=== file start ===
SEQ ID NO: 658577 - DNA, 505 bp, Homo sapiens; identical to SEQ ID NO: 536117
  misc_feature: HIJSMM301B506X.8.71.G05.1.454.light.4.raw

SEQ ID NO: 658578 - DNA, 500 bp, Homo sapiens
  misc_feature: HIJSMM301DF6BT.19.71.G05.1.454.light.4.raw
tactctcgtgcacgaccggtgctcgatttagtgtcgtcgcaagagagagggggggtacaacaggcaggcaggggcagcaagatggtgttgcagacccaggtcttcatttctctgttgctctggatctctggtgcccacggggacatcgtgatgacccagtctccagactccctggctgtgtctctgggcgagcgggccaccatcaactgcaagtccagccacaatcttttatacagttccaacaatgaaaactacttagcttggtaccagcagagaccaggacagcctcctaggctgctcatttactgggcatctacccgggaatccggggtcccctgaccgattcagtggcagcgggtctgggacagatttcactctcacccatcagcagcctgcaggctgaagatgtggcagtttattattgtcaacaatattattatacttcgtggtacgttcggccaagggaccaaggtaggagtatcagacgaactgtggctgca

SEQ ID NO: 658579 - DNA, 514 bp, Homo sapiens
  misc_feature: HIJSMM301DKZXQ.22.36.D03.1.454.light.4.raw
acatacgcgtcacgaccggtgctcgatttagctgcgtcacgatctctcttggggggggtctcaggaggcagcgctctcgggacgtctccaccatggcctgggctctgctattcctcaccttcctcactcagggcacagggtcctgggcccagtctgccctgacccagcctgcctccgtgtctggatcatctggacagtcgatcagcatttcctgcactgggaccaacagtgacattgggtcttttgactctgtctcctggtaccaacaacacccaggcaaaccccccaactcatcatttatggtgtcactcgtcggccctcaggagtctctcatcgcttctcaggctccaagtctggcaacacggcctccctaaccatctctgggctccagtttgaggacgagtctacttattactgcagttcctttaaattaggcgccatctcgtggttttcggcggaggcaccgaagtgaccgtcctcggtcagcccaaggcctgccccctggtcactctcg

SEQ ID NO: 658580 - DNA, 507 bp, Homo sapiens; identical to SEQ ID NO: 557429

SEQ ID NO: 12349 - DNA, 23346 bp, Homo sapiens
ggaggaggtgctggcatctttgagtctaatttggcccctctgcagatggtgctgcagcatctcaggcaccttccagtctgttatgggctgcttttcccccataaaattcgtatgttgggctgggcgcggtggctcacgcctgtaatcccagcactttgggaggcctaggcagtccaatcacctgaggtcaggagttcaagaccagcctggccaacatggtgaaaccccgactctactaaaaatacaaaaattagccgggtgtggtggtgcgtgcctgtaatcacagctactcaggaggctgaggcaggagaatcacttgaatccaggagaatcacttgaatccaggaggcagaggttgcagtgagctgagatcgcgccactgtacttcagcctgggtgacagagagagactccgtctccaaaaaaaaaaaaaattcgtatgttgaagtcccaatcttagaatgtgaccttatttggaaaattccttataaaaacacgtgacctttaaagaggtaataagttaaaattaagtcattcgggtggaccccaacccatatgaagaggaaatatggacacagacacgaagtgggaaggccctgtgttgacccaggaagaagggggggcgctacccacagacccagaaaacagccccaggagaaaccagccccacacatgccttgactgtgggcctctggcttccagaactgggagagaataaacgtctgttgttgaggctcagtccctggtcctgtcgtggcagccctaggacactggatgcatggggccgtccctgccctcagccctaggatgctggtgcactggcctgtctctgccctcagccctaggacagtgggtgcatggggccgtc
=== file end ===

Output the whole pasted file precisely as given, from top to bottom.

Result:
SEQ ID NO: 658577 - DNA, 505 bp, Homo sapiens; identical to SEQ ID NO: 536117
  misc_feature: HIJSMM301B506X.8.71.G05.1.454.light.4.raw

SEQ ID NO: 658578 - DNA, 500 bp, Homo sapiens
  misc_feature: HIJSMM301DF6BT.19.71.G05.1.454.light.4.raw
tactctcgtgcacgaccggtgctcgatttagtgtcgtcgcaagagagagggggggtacaacaggcaggcaggggcagcaagatggtgttgcagacccaggtcttcatttctctgttgctctggatctctggtgcccacggggacatcgtgatgacccagtctccagactccctggctgtgtctctgggcgagcgggccaccatcaactgcaagtccagccacaatcttttatacagttccaacaatgaaaactacttagcttggtaccagcagagaccaggacagcctcctaggctgctcatttactgggcatctacccgggaatccggggtcccctgaccgattcagtggcagcgggtctgggacagatttcactctcacccatcagcagcctgcaggctgaagatgtggcagtttattattgtcaacaatattattatacttcgtggtacgttcggccaagggaccaaggtaggagtatcagacgaactgtggctgca

SEQ ID NO: 658579 - DNA, 514 bp, Homo sapiens
  misc_feature: HIJSMM301DKZXQ.22.36.D03.1.454.light.4.raw
acatacgcgtcacgaccggtgctcgatttagctgcgtcacgatctctcttggggggggtctcaggaggcagcgctctcgggacgtctccaccatggcctgggctctgctattcctcaccttcctcactcagggcacagggtcctgggcccagtctgccctgacccagcctgcctccgtgtctggatcatctggacagtcgatcagcatttcctgcactgggaccaacagtgacattgggtcttttgactctgtctcctggtaccaacaacacccaggcaaaccccccaactcatcatttatggtgtcactcgtcggccctcaggagtctctcatcgcttctcaggctccaagtctggcaacacggcctccctaaccatctctgggctccagtttgaggacgagtctacttattactgcagttcctttaaattaggcgccatctcgtggttttcggcggaggcaccgaagtgaccgtcctcggtcagcccaaggcctgccccctggtcactctcg

SEQ ID NO: 658580 - DNA, 507 bp, Homo sapiens; identical to SEQ ID NO: 557429

SEQ ID NO: 12349 - DNA, 23346 bp, Homo sapiens
ggaggaggtgctggcatctttgagtctaatttggcccctctgcagatggtgctgcagcatctcaggcaccttccagtctgttatgggctgcttttcccccataaaattcgtatgttgggctgggcgcggtggctcacgcctgtaatcccagcactttgggaggcctaggcagtccaatcacctgaggtcaggagttcaagaccagcctggccaacatggtgaaaccccgactctactaaaaatacaaaaattagccgggtgtggtggtgcgtgcctgtaatcacagctactcaggaggctgaggcaggagaatcacttgaatccaggagaatcacttgaatccaggaggcagaggttgcagtgagctgagatcgcgccactgtacttcagcctgggtgacagagagagactccgtctccaaaaaaaaaaaaaattcgtatgttgaagtcccaatcttagaatgtgaccttatttggaaaattccttataaaaacacgtgacctttaaagaggtaataagttaaaattaagtcattcgggtggaccccaacccatatgaagaggaaatatggacacagacacgaagtgggaaggccctgtgttgacccaggaagaagggggggcgctacccacagacccagaaaacagccccaggagaaaccagccccacacatgccttgactgtgggcctctggcttccagaactgggagagaataaacgtctgttgttgaggctcagtccctggtcctgtcgtggcagccctaggacactggatgcatggggccgtccctgccctcagccctaggatgctggtgcactggcctgtctctgccctcagccctaggacagtgggtgcatggggccgtc